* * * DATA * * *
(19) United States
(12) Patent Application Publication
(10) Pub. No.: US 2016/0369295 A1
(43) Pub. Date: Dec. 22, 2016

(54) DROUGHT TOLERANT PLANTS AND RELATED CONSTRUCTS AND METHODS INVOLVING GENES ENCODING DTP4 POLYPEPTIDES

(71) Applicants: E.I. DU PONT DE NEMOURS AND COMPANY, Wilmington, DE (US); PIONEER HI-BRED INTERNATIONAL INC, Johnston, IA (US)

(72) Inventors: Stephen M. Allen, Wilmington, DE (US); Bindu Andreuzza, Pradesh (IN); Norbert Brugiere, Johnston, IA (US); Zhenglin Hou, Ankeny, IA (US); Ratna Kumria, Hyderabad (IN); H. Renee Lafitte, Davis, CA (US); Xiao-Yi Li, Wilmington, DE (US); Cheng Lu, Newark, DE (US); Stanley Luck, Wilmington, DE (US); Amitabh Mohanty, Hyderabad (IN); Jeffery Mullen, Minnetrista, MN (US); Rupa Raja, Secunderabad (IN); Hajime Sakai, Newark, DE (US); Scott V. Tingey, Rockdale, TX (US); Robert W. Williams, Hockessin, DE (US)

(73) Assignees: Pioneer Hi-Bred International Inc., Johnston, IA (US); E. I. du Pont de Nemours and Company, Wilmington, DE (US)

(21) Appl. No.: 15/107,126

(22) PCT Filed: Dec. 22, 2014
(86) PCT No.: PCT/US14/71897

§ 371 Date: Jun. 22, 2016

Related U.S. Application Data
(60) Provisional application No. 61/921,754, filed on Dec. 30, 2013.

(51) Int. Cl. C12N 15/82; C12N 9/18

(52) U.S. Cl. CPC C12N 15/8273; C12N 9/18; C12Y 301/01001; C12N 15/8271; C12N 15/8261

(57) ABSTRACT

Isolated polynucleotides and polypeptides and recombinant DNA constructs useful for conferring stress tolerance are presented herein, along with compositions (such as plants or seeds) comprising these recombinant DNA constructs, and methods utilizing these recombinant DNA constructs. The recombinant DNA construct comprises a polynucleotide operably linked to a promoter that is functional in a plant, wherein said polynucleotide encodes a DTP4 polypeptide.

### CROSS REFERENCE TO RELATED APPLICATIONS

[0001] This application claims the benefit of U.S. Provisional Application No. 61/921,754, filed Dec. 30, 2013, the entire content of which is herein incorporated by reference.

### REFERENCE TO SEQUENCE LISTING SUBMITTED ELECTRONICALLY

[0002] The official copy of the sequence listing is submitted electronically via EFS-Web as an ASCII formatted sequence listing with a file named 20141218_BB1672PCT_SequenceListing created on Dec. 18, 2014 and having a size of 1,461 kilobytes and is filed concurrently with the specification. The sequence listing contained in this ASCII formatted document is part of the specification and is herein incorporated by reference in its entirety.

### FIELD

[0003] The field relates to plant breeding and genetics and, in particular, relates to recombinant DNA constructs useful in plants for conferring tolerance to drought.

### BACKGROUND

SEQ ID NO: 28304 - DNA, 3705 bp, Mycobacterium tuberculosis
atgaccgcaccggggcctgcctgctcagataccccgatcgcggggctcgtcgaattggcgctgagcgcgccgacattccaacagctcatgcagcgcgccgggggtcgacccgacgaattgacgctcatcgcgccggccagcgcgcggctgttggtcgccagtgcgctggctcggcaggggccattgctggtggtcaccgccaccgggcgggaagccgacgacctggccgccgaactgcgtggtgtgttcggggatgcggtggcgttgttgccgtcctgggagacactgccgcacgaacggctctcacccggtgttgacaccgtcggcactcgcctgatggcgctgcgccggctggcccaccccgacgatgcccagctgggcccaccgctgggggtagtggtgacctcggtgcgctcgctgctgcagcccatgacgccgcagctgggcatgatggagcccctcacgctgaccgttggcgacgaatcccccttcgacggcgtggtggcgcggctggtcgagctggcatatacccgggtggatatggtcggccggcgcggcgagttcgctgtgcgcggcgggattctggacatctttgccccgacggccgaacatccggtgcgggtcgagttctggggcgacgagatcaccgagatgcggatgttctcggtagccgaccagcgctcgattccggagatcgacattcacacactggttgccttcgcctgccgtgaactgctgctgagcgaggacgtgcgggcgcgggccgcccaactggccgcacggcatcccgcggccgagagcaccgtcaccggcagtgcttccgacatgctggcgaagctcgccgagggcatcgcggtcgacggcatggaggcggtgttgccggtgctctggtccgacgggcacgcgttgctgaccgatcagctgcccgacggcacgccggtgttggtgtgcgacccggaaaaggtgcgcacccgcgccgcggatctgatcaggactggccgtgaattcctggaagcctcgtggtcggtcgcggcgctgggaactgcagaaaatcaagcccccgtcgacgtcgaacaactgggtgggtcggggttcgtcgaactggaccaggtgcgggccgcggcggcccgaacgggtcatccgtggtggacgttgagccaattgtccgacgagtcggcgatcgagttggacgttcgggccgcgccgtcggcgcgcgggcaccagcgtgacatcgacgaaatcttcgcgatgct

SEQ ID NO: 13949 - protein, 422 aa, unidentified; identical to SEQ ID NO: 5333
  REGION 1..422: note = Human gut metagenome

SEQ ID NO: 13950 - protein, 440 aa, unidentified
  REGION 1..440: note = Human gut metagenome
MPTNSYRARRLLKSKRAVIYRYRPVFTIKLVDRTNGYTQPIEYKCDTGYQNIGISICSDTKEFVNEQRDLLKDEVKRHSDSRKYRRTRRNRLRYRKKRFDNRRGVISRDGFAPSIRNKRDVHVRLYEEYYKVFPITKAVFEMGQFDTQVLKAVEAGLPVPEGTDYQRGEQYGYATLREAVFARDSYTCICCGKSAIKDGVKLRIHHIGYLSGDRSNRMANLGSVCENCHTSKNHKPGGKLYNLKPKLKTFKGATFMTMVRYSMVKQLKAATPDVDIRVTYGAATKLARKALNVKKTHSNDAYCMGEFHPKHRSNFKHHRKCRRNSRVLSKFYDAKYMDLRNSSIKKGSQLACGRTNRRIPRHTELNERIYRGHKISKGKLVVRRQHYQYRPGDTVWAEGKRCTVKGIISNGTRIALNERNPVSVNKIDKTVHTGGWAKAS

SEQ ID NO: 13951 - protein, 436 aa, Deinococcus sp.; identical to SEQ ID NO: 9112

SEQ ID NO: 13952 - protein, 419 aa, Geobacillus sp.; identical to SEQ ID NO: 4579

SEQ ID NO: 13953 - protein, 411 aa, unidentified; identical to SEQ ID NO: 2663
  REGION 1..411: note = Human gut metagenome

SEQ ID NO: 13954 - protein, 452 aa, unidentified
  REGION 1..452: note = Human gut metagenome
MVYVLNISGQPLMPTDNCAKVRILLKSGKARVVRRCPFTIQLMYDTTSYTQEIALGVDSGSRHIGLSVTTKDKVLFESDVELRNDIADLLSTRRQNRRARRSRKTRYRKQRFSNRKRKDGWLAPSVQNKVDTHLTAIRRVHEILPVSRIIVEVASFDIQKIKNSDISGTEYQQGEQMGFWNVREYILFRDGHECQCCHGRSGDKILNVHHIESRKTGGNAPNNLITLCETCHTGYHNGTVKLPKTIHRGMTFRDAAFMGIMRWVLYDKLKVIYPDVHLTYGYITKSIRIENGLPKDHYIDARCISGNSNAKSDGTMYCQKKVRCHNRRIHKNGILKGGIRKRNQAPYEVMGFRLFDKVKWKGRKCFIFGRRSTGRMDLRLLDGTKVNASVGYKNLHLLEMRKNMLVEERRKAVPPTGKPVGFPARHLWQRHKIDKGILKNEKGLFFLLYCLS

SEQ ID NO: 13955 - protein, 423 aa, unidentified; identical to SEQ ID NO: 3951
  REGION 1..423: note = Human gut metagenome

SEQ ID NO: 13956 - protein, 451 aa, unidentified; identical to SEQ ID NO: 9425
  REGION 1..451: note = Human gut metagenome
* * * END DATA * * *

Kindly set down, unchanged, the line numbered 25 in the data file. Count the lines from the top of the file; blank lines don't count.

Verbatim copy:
### BACKGROUND